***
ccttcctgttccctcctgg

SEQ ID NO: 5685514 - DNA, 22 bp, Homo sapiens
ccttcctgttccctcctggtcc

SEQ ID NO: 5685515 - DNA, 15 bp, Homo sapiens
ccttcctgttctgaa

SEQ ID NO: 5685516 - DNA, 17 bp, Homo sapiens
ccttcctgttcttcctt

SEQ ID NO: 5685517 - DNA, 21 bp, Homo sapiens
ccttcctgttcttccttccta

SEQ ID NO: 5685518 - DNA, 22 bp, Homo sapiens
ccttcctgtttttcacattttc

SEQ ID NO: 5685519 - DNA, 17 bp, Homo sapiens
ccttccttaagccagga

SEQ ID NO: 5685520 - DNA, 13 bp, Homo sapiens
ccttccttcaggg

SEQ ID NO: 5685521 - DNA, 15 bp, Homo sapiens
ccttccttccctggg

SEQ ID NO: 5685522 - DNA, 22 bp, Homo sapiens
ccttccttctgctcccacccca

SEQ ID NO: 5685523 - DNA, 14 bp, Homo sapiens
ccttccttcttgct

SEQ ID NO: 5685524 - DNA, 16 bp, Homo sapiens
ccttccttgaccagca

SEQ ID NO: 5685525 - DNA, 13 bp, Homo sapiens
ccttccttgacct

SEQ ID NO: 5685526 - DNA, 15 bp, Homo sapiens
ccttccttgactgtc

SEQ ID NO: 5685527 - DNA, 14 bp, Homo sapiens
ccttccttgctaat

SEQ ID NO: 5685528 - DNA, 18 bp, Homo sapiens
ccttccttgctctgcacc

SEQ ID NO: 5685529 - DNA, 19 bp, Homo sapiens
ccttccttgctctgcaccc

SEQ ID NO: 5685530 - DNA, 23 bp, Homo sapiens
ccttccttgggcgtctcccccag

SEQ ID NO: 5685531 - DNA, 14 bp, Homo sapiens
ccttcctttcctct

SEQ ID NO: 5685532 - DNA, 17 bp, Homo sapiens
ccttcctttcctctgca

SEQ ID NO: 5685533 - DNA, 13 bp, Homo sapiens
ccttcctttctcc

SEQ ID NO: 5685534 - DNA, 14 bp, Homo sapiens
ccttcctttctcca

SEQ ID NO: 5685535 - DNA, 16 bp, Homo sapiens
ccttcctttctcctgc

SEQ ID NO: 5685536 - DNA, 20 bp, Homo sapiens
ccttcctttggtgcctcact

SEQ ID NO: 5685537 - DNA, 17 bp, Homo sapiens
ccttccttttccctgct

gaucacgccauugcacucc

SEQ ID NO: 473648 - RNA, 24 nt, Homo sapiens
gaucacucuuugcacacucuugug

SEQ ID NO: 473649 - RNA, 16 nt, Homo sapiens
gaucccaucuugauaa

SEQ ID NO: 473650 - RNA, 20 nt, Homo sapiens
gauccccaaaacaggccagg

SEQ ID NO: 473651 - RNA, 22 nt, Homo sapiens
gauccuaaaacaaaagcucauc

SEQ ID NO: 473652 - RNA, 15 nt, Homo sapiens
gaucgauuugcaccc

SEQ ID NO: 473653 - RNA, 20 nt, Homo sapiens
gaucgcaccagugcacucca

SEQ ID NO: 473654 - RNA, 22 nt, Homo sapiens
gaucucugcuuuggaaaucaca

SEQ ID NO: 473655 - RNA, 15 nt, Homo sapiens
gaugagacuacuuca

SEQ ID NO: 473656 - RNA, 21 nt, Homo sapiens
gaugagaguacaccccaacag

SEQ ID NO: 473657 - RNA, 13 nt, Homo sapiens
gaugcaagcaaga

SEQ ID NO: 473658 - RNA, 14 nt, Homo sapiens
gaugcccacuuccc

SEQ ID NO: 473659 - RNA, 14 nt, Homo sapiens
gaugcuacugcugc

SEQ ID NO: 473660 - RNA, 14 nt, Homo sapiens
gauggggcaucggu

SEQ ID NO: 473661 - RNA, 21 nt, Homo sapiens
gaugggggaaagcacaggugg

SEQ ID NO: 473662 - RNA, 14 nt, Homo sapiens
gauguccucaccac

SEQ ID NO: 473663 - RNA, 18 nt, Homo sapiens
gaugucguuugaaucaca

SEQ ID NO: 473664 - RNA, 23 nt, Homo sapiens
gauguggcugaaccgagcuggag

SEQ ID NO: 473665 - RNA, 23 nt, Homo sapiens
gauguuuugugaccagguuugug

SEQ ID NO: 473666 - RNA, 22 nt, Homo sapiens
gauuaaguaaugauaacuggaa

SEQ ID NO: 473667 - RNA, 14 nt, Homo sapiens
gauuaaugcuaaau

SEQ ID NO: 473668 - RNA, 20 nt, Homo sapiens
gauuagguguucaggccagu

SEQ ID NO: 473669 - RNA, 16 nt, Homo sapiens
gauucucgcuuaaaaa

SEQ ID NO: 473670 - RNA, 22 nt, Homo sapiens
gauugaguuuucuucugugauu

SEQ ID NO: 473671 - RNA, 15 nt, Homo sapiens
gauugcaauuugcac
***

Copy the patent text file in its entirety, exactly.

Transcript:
ccttcctgttccctcctgg

SEQ ID NO: 5685514 - DNA, 22 bp, Homo sapiens
ccttcctgttccctcctggtcc

SEQ ID NO: 5685515 - DNA, 15 bp, Homo sapiens
ccttcctgttctgaa

SEQ ID NO: 5685516 - DNA, 17 bp, Homo sapiens
ccttcctgttcttcctt

SEQ ID NO: 5685517 - DNA, 21 bp, Homo sapiens
ccttcctgttcttccttccta

SEQ ID NO: 5685518 - DNA, 22 bp, Homo sapiens
ccttcctgtttttcacattttc

SEQ ID NO: 5685519 - DNA, 17 bp, Homo sapiens
ccttccttaagccagga

SEQ ID NO: 5685520 - DNA, 13 bp, Homo sapiens
ccttccttcaggg

SEQ ID NO: 5685521 - DNA, 15 bp, Homo sapiens
ccttccttccctggg

SEQ ID NO: 5685522 - DNA, 22 bp, Homo sapiens
ccttccttctgctcccacccca

SEQ ID NO: 5685523 - DNA, 14 bp, Homo sapiens
ccttccttcttgct

SEQ ID NO: 5685524 - DNA, 16 bp, Homo sapiens
ccttccttgaccagca

SEQ ID NO: 5685525 - DNA, 13 bp, Homo sapiens
ccttccttgacct

SEQ ID NO: 5685526 - DNA, 15 bp, Homo sapiens
ccttccttgactgtc

SEQ ID NO: 5685527 - DNA, 14 bp, Homo sapiens
ccttccttgctaat

SEQ ID NO: 5685528 - DNA, 18 bp, Homo sapiens
ccttccttgctctgcacc

SEQ ID NO: 5685529 - DNA, 19 bp, Homo sapiens
ccttccttgctctgcaccc

SEQ ID NO: 5685530 - DNA, 23 bp, Homo sapiens
ccttccttgggcgtctcccccag

SEQ ID NO: 5685531 - DNA, 14 bp, Homo sapiens
ccttcctttcctct

SEQ ID NO: 5685532 - DNA, 17 bp, Homo sapiens
ccttcctttcctctgca

SEQ ID NO: 5685533 - DNA, 13 bp, Homo sapiens
ccttcctttctcc

SEQ ID NO: 5685534 - DNA, 14 bp, Homo sapiens
ccttcctttctcca

SEQ ID NO: 5685535 - DNA, 16 bp, Homo sapiens
ccttcctttctcctgc

SEQ ID NO: 5685536 - DNA, 20 bp, Homo sapiens
ccttcctttggtgcctcact

SEQ ID NO: 5685537 - DNA, 17 bp, Homo sapiens
ccttccttttccctgct

gaucacgccauugcacucc

SEQ ID NO: 473648 - RNA, 24 nt, Homo sapiens
gaucacucuuugcacacucuugug

SEQ ID NO: 473649 - RNA, 16 nt, Homo sapiens
gaucccaucuugauaa

SEQ ID NO: 473650 - RNA, 20 nt, Homo sapiens
gauccccaaaacaggccagg

SEQ ID NO: 473651 - RNA, 22 nt, Homo sapiens
gauccuaaaacaaaagcucauc

SEQ ID NO: 473652 - RNA, 15 nt, Homo sapiens
gaucgauuugcaccc

SEQ ID NO: 473653 - RNA, 20 nt, Homo sapiens
gaucgcaccagugcacucca

SEQ ID NO: 473654 - RNA, 22 nt, Homo sapiens
gaucucugcuuuggaaaucaca

SEQ ID NO: 473655 - RNA, 15 nt, Homo sapiens
gaugagacuacuuca

SEQ ID NO: 473656 - RNA, 21 nt, Homo sapiens
gaugagaguacaccccaacag

SEQ ID NO: 473657 - RNA, 13 nt, Homo sapiens
gaugcaagcaaga

SEQ ID NO: 473658 - RNA, 14 nt, Homo sapiens
gaugcccacuuccc

SEQ ID NO: 473659 - RNA, 14 nt, Homo sapiens
gaugcuacugcugc

SEQ ID NO: 473660 - RNA, 14 nt, Homo sapiens
gauggggcaucggu

SEQ ID NO: 473661 - RNA, 21 nt, Homo sapiens
gaugggggaaagcacaggugg

SEQ ID NO: 473662 - RNA, 14 nt, Homo sapiens
gauguccucaccac

SEQ ID NO: 473663 - RNA, 18 nt, Homo sapiens
gaugucguuugaaucaca

SEQ ID NO: 473664 - RNA, 23 nt, Homo sapiens
gauguggcugaaccgagcuggag

SEQ ID NO: 473665 - RNA, 23 nt, Homo sapiens
gauguuuugugaccagguuugug

SEQ ID NO: 473666 - RNA, 22 nt, Homo sapiens
gauuaaguaaugauaacuggaa

SEQ ID NO: 473667 - RNA, 14 nt, Homo sapiens
gauuaaugcuaaau

SEQ ID NO: 473668 - RNA, 20 nt, Homo sapiens
gauuagguguucaggccagu

SEQ ID NO: 473669 - RNA, 16 nt, Homo sapiens
gauucucgcuuaaaaa

SEQ ID NO: 473670 - RNA, 22 nt, Homo sapiens
gauugaguuuucuucugugauu

SEQ ID NO: 473671 - RNA, 15 nt, Homo sapiens
gauugcaauuugcac